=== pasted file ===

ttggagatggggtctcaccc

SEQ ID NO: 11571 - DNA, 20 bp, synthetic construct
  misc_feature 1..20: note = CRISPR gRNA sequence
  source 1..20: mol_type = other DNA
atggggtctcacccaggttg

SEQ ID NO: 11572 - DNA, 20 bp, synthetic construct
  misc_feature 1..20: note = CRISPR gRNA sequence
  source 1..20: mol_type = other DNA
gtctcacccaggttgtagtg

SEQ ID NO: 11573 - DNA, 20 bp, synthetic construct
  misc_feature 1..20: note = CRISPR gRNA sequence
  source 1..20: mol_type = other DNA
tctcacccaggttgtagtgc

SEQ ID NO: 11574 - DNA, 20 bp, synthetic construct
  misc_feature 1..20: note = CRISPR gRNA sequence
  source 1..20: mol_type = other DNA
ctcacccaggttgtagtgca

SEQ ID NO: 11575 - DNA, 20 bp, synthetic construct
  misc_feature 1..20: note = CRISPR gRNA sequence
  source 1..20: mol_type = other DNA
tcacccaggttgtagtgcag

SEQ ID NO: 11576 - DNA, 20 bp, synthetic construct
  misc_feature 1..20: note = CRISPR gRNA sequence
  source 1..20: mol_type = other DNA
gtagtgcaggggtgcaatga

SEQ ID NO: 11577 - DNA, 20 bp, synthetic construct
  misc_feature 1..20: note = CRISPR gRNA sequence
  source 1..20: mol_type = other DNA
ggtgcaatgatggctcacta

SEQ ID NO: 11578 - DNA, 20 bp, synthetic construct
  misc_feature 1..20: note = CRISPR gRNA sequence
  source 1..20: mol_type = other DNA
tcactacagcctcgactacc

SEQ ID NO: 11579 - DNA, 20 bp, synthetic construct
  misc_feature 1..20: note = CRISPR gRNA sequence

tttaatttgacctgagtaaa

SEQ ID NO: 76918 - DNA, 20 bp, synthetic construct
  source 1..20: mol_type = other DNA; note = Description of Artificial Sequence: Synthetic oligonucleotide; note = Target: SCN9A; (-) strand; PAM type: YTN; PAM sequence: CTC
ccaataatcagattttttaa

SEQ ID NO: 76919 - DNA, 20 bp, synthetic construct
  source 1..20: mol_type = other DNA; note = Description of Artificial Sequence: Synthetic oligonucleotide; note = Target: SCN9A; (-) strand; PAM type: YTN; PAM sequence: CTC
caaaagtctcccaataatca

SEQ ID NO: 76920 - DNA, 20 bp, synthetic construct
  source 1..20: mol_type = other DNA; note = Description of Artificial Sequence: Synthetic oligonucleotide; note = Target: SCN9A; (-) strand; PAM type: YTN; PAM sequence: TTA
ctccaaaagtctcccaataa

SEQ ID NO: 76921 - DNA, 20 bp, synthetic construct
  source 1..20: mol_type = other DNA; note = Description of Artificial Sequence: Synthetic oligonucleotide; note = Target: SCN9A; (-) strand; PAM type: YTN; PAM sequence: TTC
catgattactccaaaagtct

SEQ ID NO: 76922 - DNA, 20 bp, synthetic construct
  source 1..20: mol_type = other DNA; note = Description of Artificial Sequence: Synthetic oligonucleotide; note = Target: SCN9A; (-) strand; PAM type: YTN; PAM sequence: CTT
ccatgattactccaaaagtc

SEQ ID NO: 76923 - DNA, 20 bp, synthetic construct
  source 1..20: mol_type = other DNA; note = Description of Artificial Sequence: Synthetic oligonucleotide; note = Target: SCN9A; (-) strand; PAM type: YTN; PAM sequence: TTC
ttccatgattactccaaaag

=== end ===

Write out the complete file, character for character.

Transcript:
ttggagatggggtctcaccc

SEQ ID NO: 11571 - DNA, 20 bp, synthetic construct
  misc_feature 1..20: note = CRISPR gRNA sequence
  source 1..20: mol_type = other DNA
atggggtctcacccaggttg

SEQ ID NO: 11572 - DNA, 20 bp, synthetic construct
  misc_feature 1..20: note = CRISPR gRNA sequence
  source 1..20: mol_type = other DNA
gtctcacccaggttgtagtg

SEQ ID NO: 11573 - DNA, 20 bp, synthetic construct
  misc_feature 1..20: note = CRISPR gRNA sequence
  source 1..20: mol_type = other DNA
tctcacccaggttgtagtgc

SEQ ID NO: 11574 - DNA, 20 bp, synthetic construct
  misc_feature 1..20: note = CRISPR gRNA sequence
  source 1..20: mol_type = other DNA
ctcacccaggttgtagtgca

SEQ ID NO: 11575 - DNA, 20 bp, synthetic construct
  misc_feature 1..20: note = CRISPR gRNA sequence
  source 1..20: mol_type = other DNA
tcacccaggttgtagtgcag

SEQ ID NO: 11576 - DNA, 20 bp, synthetic construct
  misc_feature 1..20: note = CRISPR gRNA sequence
  source 1..20: mol_type = other DNA
gtagtgcaggggtgcaatga

SEQ ID NO: 11577 - DNA, 20 bp, synthetic construct
  misc_feature 1..20: note = CRISPR gRNA sequence
  source 1..20: mol_type = other DNA
ggtgcaatgatggctcacta

SEQ ID NO: 11578 - DNA, 20 bp, synthetic construct
  misc_feature 1..20: note = CRISPR gRNA sequence
  source 1..20: mol_type = other DNA
tcactacagcctcgactacc

SEQ ID NO: 11579 - DNA, 20 bp, synthetic construct
  misc_feature 1..20: note = CRISPR gRNA sequence

tttaatttgacctgagtaaa

SEQ ID NO: 76918 - DNA, 20 bp, synthetic construct
  source 1..20: mol_type = other DNA; note = Description of Artificial Sequence: Synthetic oligonucleotide; note = Target: SCN9A; (-) strand; PAM type: YTN; PAM sequence: CTC
ccaataatcagattttttaa

SEQ ID NO: 76919 - DNA, 20 bp, synthetic construct
  source 1..20: mol_type = other DNA; note = Description of Artificial Sequence: Synthetic oligonucleotide; note = Target: SCN9A; (-) strand; PAM type: YTN; PAM sequence: CTC
caaaagtctcccaataatca

SEQ ID NO: 76920 - DNA, 20 bp, synthetic construct
  source 1..20: mol_type = other DNA; note = Description of Artificial Sequence: Synthetic oligonucleotide; note = Target: SCN9A; (-) strand; PAM type: YTN; PAM sequence: TTA
ctccaaaagtctcccaataa

SEQ ID NO: 76921 - DNA, 20 bp, synthetic construct
  source 1..20: mol_type = other DNA; note = Description of Artificial Sequence: Synthetic oligonucleotide; note = Target: SCN9A; (-) strand; PAM type: YTN; PAM sequence: TTC
catgattactccaaaagtct

SEQ ID NO: 76922 - DNA, 20 bp, synthetic construct
  source 1..20: mol_type = other DNA; note = Description of Artificial Sequence: Synthetic oligonucleotide; note = Target: SCN9A; (-) strand; PAM type: YTN; PAM sequence: CTT
ccatgattactccaaaagtc

SEQ ID NO: 76923 - DNA, 20 bp, synthetic construct
  source 1..20: mol_type = other DNA; note = Description of Artificial Sequence: Synthetic oligonucleotide; note = Target: SCN9A; (-) strand; PAM type: YTN; PAM sequence: TTC
ttccatgattactccaaaag